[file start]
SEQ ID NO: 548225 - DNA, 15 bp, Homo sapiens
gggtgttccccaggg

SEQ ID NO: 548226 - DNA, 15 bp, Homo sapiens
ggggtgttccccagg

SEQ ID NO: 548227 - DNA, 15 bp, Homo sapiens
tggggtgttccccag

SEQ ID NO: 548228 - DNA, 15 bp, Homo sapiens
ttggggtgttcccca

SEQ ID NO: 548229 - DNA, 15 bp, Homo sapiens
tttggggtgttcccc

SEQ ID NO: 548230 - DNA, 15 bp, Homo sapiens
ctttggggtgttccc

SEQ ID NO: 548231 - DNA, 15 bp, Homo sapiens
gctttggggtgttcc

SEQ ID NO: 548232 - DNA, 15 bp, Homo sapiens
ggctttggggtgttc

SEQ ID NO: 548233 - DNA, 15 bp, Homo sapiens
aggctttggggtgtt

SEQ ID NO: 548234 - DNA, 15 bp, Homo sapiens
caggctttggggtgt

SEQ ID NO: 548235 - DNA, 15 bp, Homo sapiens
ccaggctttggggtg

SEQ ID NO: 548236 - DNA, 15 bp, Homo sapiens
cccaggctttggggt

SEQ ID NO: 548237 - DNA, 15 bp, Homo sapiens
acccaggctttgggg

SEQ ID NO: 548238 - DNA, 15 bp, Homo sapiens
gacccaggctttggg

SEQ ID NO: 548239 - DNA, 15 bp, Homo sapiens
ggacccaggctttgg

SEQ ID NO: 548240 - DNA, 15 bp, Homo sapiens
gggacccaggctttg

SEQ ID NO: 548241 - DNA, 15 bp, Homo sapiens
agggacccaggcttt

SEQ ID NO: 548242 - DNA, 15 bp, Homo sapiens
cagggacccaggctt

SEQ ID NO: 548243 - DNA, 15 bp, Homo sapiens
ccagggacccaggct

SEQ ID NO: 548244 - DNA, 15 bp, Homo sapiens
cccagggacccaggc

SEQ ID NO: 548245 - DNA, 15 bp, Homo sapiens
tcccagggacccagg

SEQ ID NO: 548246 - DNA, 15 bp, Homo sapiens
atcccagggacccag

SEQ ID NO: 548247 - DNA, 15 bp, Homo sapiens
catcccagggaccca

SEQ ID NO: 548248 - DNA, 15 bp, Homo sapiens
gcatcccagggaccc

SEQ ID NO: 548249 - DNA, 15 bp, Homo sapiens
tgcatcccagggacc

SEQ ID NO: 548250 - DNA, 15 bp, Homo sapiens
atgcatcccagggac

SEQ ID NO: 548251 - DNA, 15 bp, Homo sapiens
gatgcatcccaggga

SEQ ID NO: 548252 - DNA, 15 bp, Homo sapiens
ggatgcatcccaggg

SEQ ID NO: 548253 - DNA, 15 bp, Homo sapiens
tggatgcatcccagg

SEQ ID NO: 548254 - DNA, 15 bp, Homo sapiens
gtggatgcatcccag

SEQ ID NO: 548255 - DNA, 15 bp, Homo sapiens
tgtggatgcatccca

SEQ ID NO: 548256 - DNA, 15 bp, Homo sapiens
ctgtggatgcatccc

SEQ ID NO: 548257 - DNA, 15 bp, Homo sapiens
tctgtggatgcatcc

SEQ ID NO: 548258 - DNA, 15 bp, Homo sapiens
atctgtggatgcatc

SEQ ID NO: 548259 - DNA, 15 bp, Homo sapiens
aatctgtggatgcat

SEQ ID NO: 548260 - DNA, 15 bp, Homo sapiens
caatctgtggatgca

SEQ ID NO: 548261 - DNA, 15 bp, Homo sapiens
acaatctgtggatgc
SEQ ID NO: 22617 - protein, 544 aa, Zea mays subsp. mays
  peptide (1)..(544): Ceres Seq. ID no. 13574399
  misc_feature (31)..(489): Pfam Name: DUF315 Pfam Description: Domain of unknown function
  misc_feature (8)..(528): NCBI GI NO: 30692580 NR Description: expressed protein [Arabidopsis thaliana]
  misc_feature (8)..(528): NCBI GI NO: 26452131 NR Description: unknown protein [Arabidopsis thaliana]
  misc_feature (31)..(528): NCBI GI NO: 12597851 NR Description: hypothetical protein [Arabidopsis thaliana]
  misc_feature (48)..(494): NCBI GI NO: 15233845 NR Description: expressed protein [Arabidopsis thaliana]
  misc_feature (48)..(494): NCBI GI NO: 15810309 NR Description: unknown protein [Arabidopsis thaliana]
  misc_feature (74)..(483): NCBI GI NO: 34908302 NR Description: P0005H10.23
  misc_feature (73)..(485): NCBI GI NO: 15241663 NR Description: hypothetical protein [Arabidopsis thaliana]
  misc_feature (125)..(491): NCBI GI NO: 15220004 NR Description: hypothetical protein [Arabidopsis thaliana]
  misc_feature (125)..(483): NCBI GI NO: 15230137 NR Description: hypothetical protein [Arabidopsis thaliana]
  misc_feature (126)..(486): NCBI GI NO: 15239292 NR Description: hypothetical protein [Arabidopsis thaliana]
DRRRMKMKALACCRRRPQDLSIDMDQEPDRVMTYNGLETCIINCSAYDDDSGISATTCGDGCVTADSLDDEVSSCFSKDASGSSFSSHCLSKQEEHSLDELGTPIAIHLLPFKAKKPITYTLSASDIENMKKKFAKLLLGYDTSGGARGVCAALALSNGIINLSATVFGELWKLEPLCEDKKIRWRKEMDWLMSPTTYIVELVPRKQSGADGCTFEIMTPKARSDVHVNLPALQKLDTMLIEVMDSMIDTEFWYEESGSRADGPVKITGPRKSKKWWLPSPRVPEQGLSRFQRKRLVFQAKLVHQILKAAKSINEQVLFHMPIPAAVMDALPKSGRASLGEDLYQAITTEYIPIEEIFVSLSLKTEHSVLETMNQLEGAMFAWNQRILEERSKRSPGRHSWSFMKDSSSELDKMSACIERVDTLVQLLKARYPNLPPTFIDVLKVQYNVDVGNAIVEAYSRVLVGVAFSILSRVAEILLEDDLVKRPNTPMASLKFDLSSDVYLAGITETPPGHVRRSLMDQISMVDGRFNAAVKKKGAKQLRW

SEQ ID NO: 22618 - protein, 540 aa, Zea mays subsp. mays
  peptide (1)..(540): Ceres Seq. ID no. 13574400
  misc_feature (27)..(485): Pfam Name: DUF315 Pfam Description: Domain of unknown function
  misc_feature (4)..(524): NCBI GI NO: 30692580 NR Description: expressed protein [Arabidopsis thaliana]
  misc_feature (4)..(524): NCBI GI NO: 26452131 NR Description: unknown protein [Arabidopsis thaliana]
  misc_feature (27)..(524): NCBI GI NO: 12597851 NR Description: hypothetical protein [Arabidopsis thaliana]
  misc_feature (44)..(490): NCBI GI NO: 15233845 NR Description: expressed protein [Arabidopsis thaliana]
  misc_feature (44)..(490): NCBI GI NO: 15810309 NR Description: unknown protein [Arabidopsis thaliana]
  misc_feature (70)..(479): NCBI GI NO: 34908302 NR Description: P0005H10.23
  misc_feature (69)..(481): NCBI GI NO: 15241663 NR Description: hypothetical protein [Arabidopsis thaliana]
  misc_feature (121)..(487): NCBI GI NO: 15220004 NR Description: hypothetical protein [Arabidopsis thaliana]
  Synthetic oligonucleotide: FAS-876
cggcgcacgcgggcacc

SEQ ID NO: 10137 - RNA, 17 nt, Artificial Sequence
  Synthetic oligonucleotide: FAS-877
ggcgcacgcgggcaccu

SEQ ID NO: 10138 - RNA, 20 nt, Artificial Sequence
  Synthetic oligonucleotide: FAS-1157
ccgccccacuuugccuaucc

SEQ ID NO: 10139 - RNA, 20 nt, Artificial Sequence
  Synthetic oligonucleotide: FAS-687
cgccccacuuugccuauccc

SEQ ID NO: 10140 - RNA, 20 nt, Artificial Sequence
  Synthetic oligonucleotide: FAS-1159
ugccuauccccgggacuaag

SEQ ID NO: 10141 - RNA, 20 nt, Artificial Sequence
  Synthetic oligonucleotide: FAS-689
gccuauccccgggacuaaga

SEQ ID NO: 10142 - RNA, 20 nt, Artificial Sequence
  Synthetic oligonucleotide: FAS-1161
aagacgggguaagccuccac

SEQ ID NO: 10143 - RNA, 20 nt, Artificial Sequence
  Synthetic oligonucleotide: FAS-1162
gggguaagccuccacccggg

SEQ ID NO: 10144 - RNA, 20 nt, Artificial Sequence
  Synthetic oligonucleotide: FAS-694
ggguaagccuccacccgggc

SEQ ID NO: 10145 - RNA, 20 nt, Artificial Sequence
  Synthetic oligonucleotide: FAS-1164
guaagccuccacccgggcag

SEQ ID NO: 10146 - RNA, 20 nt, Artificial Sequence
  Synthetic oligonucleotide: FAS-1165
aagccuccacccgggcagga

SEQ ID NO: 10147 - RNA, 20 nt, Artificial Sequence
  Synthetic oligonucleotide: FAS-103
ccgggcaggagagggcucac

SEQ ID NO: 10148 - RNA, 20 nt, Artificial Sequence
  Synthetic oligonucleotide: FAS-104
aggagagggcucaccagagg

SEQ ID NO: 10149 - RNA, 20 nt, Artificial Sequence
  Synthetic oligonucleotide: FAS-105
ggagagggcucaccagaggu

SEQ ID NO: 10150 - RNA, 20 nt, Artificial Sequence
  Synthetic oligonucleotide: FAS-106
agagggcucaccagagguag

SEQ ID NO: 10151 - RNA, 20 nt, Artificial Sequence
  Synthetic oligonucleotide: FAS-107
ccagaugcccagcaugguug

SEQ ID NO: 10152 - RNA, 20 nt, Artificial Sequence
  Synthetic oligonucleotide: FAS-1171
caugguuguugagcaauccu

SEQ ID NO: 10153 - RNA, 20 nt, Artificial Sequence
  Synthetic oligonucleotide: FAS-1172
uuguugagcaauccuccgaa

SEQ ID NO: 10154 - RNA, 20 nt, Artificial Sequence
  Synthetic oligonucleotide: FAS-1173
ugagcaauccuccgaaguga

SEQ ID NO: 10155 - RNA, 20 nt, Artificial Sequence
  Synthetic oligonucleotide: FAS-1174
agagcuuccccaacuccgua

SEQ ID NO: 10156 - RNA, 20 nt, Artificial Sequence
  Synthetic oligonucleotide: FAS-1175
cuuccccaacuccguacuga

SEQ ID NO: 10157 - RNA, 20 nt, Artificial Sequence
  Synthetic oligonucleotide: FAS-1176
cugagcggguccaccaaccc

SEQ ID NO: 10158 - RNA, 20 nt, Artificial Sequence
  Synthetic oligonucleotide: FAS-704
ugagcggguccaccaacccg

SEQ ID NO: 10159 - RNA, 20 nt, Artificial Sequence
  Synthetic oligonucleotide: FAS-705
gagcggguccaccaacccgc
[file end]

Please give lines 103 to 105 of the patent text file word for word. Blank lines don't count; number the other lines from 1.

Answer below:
  Synthetic oligonucleotide: FAS-877
ggcgcacgcgggcaccu

SEQ ID NO: 10138 - RNA, 20 nt, Artificial Sequence